Starch is the most important of the carbohydrates from the standpoint of food. It is familiar to us all as the fine, white, glistening powder of "corn starch" and of laundry starch. We may easily, by washing it, obtain it also from grated potatoes and from flour. Starch is found only in the vegetable kingdom, and is manufactured by green plants and stored in different parts of the plant in the form of tiny grains lying within the plant cells.
(From Hygiene, by Parks).
The structure of these grains has been very hard to determine because of their minuteness. It was thought for a long time that they were composed of a cellulose envelope enclosing the true starch, and that by the action of water and heat these grains swelled and the cellulose envelope burst.
A later theory was that the starch grain was built up in alternate layers of starch cellulose and starch granulose.
The late work of a German botanist, Meyer, seems to show that the grains are in the form of sphero-crystals, each made up of many tiny particles. These radiate from a center, and at the same time are arranged in concentric layers. The particles are of two kinds called by Meyer alpha-amylose and beta-amylose. These may be compared to the starch cellulose and starch granulose of the older theory. Upon the application of heat and moisture the beta-amylose swells and becomes gelatinous, forming a solution. The alpha-amylose is affected only by a temperature much above the boiling point, or by long continued heating.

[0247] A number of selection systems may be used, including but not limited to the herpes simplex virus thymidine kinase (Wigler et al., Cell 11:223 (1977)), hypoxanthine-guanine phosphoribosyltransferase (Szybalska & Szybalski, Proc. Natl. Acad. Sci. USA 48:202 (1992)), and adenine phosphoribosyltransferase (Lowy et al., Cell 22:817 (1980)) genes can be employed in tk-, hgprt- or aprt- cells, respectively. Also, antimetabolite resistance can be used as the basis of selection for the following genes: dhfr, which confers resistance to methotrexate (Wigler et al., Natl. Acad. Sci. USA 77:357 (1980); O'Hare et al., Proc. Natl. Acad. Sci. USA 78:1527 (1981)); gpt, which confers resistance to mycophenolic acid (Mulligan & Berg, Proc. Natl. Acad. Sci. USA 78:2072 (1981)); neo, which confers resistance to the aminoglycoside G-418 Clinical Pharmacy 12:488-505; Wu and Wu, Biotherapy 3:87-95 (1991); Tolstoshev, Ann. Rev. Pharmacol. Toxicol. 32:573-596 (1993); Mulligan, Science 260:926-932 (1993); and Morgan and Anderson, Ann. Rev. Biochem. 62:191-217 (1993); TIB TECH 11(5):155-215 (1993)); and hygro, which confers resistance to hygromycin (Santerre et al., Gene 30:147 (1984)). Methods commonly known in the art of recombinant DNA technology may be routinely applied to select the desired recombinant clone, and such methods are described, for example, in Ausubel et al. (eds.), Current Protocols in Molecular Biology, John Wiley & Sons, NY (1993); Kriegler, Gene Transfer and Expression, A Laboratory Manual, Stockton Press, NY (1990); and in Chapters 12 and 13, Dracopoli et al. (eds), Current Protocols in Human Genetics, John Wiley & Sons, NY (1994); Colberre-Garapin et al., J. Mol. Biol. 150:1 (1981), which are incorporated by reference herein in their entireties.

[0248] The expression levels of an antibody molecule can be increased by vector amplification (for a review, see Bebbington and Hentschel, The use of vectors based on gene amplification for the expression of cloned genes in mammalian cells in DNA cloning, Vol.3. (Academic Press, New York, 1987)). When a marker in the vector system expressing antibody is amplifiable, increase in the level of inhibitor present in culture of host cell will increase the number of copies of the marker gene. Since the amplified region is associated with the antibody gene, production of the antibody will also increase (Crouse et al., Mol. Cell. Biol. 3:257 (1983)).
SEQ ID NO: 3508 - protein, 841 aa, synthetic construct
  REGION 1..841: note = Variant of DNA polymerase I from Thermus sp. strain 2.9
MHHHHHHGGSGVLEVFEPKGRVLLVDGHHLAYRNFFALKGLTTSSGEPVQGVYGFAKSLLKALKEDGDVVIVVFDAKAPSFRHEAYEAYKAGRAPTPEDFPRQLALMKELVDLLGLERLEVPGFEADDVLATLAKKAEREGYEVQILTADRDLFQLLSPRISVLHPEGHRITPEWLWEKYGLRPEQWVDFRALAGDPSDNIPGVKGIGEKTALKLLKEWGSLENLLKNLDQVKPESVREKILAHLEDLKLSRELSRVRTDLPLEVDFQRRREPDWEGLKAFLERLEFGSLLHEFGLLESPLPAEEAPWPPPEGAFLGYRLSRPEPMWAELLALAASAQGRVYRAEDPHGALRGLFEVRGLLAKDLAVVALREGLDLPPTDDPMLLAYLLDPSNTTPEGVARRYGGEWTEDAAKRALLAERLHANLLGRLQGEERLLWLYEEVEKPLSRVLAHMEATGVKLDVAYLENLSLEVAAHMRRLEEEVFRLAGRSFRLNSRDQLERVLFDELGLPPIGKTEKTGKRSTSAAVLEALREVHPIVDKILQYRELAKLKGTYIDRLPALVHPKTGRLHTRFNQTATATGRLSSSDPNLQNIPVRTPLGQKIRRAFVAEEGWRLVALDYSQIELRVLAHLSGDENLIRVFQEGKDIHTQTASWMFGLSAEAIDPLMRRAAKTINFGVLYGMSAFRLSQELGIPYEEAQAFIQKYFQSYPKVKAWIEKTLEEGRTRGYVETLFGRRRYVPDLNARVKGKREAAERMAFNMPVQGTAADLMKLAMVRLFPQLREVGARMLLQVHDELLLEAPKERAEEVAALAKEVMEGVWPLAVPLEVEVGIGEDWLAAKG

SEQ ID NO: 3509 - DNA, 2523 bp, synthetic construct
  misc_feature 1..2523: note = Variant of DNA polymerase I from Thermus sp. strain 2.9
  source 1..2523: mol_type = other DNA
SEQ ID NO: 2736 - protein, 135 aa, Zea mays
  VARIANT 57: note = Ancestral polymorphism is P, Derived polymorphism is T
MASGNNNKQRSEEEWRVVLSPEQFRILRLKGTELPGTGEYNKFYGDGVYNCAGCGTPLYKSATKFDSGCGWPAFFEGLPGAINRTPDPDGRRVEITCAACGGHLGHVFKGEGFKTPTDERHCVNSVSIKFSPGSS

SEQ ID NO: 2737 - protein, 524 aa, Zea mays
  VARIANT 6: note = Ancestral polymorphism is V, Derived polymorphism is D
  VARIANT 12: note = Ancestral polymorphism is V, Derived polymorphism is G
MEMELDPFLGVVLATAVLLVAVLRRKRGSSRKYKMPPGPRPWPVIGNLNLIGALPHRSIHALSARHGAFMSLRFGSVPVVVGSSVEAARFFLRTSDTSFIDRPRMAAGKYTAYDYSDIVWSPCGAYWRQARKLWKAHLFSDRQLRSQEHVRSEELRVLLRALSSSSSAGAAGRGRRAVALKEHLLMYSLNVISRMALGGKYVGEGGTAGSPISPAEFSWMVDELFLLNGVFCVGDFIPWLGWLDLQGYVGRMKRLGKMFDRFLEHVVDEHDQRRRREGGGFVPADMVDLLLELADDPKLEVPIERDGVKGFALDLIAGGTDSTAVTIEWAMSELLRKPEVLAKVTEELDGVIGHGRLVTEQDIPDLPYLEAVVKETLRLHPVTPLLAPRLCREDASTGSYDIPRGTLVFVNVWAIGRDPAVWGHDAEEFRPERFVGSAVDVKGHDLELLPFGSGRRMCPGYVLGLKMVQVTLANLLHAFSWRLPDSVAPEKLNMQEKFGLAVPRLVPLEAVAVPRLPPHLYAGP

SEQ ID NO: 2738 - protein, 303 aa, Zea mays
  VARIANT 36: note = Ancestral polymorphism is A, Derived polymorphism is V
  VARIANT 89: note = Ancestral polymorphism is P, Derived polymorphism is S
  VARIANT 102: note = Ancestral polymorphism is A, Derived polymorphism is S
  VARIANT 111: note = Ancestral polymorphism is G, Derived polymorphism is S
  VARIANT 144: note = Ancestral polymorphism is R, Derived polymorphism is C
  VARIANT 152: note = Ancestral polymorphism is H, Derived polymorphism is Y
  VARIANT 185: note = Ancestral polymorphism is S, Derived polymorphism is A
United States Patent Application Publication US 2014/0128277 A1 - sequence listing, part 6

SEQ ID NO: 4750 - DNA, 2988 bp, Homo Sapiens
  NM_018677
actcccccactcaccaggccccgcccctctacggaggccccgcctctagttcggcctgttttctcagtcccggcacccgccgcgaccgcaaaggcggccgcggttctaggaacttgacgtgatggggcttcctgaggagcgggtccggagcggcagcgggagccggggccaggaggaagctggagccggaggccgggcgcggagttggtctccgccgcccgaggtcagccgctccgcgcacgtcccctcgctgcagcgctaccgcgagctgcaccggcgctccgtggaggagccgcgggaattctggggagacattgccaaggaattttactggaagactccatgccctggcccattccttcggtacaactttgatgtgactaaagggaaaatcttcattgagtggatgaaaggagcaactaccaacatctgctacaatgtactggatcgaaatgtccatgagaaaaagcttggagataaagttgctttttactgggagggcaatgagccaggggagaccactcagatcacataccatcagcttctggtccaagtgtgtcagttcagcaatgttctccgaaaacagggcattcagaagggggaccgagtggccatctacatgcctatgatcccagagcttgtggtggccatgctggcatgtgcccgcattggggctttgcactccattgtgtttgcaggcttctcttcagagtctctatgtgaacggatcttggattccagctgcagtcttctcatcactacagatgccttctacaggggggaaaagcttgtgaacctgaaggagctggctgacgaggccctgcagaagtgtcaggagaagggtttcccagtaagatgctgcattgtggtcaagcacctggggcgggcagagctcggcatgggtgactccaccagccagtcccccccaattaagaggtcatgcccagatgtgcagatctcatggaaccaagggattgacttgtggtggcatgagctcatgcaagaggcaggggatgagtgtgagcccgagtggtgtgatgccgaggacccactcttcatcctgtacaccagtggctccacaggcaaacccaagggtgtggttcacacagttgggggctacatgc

The starch grains in different plants differ much in form, size and general appearance, as shown in the illustrations. The relation of the difference in structure to digestibility is not well determined.